Health

Queen Elizabeth Hospital in Glasgow ‘too noisy’ for patients and staff

Glasgow’s main hospital is allegedly ‘too noisy’ for patients and staff.

NHS chiefs are spending £2m to create a less stressful environment at Queen Elizabeth University Hospital (QEUH) and are looking for an expert to make improvements across the £842m building.

NHS Greater Glasgow and Clyde (NHSGGC) is also hoping to reduce noise levels at other hospitals, including Royal Alexandra in Paisley.

Read:WHO stresses monkeypox surge not linked to monkeys amid attack reports | Monkeypox

READ MORE: Three men face trial for ‘camera falsification to watch movements’

Appealing for applications for the position, the health authority explained that first impressions, feelings of inclusion and creating healing spaces that help reduce anxiety are critical to hospitals.

She added: “Hospitals are by nature noisy places due to the number of people within a relatively small space, and surfaces tend to be hard and smooth so that they are easy to clean.

“This creates a noisy and stressful environment.” asks, “What design measures can be used to mitigate these sounds?”

The Health Board recognized that all five hospital sites in the NHSGGC area were subjecting patients and staff alike to a similar ‘loud and charming’ environment.

Read:If you feel like this, you have “high cholesterol” – don’t eat this

The Health Board’s plan follows a 2016 study in the British Journal of Nursing that found that excessive noise in healthcare settings can cause headaches, cause irritability, prolong wound healing and increase sensitivity to pain.

She stated that wearing shoes with soft soles and closing doors in areas with excessive noise such as television rooms can contribute to improved patient outcomes and a better work environment.

In addition to unacceptable noise levels, a focus group set up at QEUH in 2020 to review areas in need of improvement found the entrance to be difficult to navigate, with an abundance of crowded “stressful” signs.



Get the latest Glasgow news and headlines sent straight to your inbox twice a day by subscribing to our free newsletter.

From breaking news to the latest on the coronavirus crisis in Scotland, we’ve got you covered.

The morning newsletter arrives every day before 9am and the evening newsletter, manually curated by the team, is sent out between 4pm and 5pm, giving you a summary of the top stories we covered that day.

Read:[MEDICA] The Health Metaverse: Creating the Immersive Healthcare

To register, simply enter your email address in this link over here.

She added, “The lobby space itself is very long and can feel very impersonal. There is no space for anyone to retreat to in order to feel special.”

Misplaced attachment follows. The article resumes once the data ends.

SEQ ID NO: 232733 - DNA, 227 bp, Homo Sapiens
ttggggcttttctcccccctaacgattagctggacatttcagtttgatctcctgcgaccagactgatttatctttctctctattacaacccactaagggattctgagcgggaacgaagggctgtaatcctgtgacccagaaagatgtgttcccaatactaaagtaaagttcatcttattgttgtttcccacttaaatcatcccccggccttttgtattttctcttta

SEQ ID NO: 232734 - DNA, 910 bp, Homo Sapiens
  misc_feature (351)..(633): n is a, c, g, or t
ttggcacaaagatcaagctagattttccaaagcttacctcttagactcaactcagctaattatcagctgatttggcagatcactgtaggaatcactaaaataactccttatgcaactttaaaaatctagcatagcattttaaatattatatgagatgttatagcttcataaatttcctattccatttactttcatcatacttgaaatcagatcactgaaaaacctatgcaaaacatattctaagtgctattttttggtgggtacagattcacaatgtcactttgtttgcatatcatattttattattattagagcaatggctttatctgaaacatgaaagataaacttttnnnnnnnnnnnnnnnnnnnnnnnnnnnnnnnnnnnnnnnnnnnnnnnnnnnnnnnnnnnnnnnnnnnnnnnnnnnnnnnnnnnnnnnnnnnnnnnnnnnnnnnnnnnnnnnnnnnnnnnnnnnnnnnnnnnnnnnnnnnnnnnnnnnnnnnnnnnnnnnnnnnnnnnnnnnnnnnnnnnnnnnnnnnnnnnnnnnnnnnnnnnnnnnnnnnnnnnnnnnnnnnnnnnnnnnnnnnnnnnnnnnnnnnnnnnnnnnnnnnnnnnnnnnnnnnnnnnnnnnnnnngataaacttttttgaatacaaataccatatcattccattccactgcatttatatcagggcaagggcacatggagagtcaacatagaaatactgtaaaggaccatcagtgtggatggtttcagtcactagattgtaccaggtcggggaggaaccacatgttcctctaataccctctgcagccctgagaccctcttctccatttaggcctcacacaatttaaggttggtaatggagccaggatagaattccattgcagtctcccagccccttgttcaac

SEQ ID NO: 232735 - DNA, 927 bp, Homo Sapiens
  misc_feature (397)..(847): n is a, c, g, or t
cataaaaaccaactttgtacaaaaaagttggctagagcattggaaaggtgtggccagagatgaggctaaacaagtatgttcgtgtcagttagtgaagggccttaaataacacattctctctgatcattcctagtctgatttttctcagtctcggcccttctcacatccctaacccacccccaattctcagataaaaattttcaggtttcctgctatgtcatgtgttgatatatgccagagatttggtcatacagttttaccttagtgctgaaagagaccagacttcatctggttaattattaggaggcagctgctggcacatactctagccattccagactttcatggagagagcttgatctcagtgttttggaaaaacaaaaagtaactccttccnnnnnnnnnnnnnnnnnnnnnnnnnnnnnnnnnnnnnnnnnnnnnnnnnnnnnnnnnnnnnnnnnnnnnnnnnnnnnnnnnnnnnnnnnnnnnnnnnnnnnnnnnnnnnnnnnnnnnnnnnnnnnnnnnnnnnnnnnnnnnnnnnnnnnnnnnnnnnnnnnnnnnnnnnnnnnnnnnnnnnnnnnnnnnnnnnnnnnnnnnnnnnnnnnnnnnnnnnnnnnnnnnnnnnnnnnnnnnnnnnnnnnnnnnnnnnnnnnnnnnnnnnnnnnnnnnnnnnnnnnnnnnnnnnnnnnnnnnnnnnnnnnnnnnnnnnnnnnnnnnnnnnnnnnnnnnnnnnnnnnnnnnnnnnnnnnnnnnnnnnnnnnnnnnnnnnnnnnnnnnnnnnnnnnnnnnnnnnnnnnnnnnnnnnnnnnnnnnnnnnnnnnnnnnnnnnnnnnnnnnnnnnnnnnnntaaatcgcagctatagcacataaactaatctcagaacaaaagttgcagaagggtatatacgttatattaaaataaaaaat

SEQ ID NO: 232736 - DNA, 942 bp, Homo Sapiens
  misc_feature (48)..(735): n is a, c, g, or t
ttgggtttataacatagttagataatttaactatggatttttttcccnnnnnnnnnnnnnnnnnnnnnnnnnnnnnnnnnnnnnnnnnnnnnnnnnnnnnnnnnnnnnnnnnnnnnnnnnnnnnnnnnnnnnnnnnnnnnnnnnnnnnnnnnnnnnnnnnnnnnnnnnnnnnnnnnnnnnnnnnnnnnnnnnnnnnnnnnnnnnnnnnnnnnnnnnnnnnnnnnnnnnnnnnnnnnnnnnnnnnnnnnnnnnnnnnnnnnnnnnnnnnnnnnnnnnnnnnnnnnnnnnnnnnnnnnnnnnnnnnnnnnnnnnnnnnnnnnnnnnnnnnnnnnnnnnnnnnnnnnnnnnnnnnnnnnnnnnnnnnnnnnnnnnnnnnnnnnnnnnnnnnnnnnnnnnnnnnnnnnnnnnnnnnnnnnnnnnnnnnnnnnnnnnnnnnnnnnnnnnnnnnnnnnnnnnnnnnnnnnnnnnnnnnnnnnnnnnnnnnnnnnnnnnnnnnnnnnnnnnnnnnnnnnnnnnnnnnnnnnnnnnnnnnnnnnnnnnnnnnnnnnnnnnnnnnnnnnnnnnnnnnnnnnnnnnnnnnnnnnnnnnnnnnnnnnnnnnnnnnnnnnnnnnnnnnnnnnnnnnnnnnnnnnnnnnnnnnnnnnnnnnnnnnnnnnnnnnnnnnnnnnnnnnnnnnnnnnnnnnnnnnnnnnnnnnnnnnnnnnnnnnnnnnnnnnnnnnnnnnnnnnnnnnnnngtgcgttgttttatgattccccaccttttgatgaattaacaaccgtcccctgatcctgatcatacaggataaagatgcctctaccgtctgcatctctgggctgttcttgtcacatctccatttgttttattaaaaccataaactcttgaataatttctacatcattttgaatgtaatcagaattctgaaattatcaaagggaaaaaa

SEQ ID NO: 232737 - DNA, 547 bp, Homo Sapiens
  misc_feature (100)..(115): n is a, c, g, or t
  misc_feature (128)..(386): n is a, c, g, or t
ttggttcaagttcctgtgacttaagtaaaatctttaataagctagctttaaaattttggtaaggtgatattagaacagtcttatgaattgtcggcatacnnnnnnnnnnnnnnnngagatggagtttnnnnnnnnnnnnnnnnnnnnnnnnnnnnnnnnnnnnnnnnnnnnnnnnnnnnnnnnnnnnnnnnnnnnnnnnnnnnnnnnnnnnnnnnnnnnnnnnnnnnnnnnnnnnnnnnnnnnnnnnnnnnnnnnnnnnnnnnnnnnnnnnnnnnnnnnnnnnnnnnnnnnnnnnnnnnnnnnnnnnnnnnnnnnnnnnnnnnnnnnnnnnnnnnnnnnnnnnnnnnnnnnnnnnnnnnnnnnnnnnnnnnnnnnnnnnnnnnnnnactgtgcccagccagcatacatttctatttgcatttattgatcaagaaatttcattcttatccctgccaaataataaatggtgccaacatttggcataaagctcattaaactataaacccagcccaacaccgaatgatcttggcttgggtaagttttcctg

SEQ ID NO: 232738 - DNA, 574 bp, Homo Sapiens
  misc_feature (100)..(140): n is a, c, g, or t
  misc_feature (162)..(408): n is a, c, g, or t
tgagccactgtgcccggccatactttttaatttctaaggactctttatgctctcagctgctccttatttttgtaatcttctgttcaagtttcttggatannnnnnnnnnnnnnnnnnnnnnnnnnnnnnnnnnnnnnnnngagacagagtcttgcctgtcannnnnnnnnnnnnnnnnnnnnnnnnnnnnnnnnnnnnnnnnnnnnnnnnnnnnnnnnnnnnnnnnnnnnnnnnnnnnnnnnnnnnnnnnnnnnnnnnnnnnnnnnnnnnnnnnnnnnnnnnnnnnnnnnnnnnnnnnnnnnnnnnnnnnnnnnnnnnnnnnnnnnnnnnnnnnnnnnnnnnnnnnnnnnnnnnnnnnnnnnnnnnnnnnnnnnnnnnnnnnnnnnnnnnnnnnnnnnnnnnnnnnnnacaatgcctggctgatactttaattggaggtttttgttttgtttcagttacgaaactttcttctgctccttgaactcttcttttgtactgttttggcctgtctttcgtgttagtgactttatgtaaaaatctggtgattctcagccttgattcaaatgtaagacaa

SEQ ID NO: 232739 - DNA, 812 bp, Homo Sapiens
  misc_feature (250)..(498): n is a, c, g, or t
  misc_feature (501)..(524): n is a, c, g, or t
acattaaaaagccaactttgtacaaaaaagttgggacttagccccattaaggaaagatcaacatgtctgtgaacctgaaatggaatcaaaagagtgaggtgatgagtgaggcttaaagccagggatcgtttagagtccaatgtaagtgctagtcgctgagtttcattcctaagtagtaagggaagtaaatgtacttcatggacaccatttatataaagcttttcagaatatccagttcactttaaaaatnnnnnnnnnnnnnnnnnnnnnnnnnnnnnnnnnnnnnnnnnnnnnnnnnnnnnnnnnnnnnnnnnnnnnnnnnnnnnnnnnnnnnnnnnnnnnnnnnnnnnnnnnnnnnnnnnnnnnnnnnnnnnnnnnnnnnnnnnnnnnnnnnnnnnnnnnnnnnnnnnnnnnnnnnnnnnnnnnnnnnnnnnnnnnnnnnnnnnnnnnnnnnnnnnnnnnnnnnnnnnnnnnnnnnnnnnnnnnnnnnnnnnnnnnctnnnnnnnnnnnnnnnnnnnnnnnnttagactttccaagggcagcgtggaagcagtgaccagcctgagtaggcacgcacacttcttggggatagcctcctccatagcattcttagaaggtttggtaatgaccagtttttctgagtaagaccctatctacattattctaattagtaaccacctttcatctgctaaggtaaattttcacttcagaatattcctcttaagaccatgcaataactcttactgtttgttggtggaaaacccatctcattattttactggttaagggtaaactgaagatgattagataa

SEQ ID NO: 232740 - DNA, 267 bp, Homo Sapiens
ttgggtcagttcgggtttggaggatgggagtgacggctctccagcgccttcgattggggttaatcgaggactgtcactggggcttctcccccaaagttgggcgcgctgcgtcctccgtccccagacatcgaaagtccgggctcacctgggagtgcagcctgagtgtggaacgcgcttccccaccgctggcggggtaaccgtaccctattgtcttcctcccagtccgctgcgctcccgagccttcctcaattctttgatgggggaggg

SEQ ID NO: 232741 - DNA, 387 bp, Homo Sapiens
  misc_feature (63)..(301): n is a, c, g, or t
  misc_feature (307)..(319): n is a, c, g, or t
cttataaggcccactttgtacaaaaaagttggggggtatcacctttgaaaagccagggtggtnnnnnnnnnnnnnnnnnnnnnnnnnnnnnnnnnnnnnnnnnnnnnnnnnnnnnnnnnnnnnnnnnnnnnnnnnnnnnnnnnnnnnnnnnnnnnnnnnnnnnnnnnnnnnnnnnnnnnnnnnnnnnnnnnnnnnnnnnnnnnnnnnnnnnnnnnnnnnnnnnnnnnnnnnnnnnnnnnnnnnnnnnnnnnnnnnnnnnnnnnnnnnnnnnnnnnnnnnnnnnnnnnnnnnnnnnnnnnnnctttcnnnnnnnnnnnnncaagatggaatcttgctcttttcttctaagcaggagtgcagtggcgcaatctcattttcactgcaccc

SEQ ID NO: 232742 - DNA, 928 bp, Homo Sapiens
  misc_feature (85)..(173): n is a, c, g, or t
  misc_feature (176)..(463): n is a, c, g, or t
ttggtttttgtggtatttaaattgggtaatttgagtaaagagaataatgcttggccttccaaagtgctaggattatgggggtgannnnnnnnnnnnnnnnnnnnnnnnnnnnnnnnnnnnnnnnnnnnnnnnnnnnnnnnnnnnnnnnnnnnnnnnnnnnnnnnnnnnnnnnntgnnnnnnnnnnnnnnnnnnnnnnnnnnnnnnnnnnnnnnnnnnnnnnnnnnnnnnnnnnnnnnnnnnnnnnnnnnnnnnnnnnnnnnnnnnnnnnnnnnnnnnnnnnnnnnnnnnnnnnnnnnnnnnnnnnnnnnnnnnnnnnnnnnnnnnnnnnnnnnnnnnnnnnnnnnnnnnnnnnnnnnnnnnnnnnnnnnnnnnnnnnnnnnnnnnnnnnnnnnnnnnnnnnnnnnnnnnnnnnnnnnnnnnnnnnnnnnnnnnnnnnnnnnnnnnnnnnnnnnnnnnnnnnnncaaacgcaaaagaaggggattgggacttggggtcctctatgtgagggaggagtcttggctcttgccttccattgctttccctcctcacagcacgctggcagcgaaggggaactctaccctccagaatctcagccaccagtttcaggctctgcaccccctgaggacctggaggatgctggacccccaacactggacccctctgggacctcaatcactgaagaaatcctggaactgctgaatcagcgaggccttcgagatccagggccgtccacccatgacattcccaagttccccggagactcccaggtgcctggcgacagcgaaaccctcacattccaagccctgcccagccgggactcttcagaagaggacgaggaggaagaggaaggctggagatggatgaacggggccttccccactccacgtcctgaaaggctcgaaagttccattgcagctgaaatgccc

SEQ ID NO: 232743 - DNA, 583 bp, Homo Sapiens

The health board said a similar focus group would be set up at Royal Alexandra Hospital and the findings of the two groups would be shared with the lead advisor.

An NHSGGC spokesperson said: “The £2 million is a purely indicative cost and will be obtained entirely through grants and other charitable means and will be completed over a number of years as funds become available.

“The project is not limited to the hospital entrance at QEUH and will include the lobby and other public spaces at all of our major hospital locations.

“It follows other similar successful initiatives across the UK which have shown that introducing therapeutic design in these areas positively impacts recovery time, stress levels, staff retention and overall satisfaction levels.

“High quality public spaces and planning are now an integral part of hospital/healthcare planning and will be central to any new facilities being planned across NHS Scotland.”



Get the latest Glasgow news and headlines sent straight to your inbox twice a day by subscribing to our free newsletter.

From breaking news to the latest on the coronavirus crisis in Scotland, we’ve got you covered.

The morning newsletter arrives every day before 9am and the evening newsletter, manually curated by the team, is sent out between 4pm and 5pm, giving you a summary of the top stories we covered that day.

To register, simply enter your email address in this link over here.

The facility has been undergoing renewed after-catalog repairs since it opened in 2015.

The series of problems include falling tiles, sewage billowing across the floor, and black mold growing on the walls.

In January 2017, blood and feces were found on patients’ carts and mattresses during an examination, and in August of that year, 10-year-old Millie Maine died in hospital after contracting an infection.

Later that month, the cladding was removed after it was found to be identical to that used on Grenfell Tower, which was destroyed by fire.

On several occasions in 2017 and 2018, panes of glass fell from the hospital building and shattered near the front entrance.

A 10-year-old boy died in December 2018 after contracting a crypto-fungal infection found in pigeon droppings. It was found to be a contributing factor to his death.

In February 2019, an investigation alleged “extensive contamination” of the water supply.

The Scottish Hospitals Inquiry is taking evidence to determine how the ventilation system and water pollution affect patient care and whether or not a number of deaths could have been prevented.

read the following:

Peter Tobin is chained to a hospital bed ‘weak, weak and at death’

Glasgow’s dad dies after falling off a mountain leaving family and friends sad

A cyclist got off the bike by a pickup truck on Paisley Road as the investigation began

Man dies after being ‘hit by a car’ in Lanarkshire while police arrest driver

Two hospitals have been admitted and Lanarkshire Road closed for nine hours after a terrible accident

Previous post
Labor deputy leader Angela Rayner ‘worried’ about Holly and Phil due to queue jumping for Queen’s coffin | UK news
Next post
Romano reveals “great interest” in the Liverpool star before the winter transfer window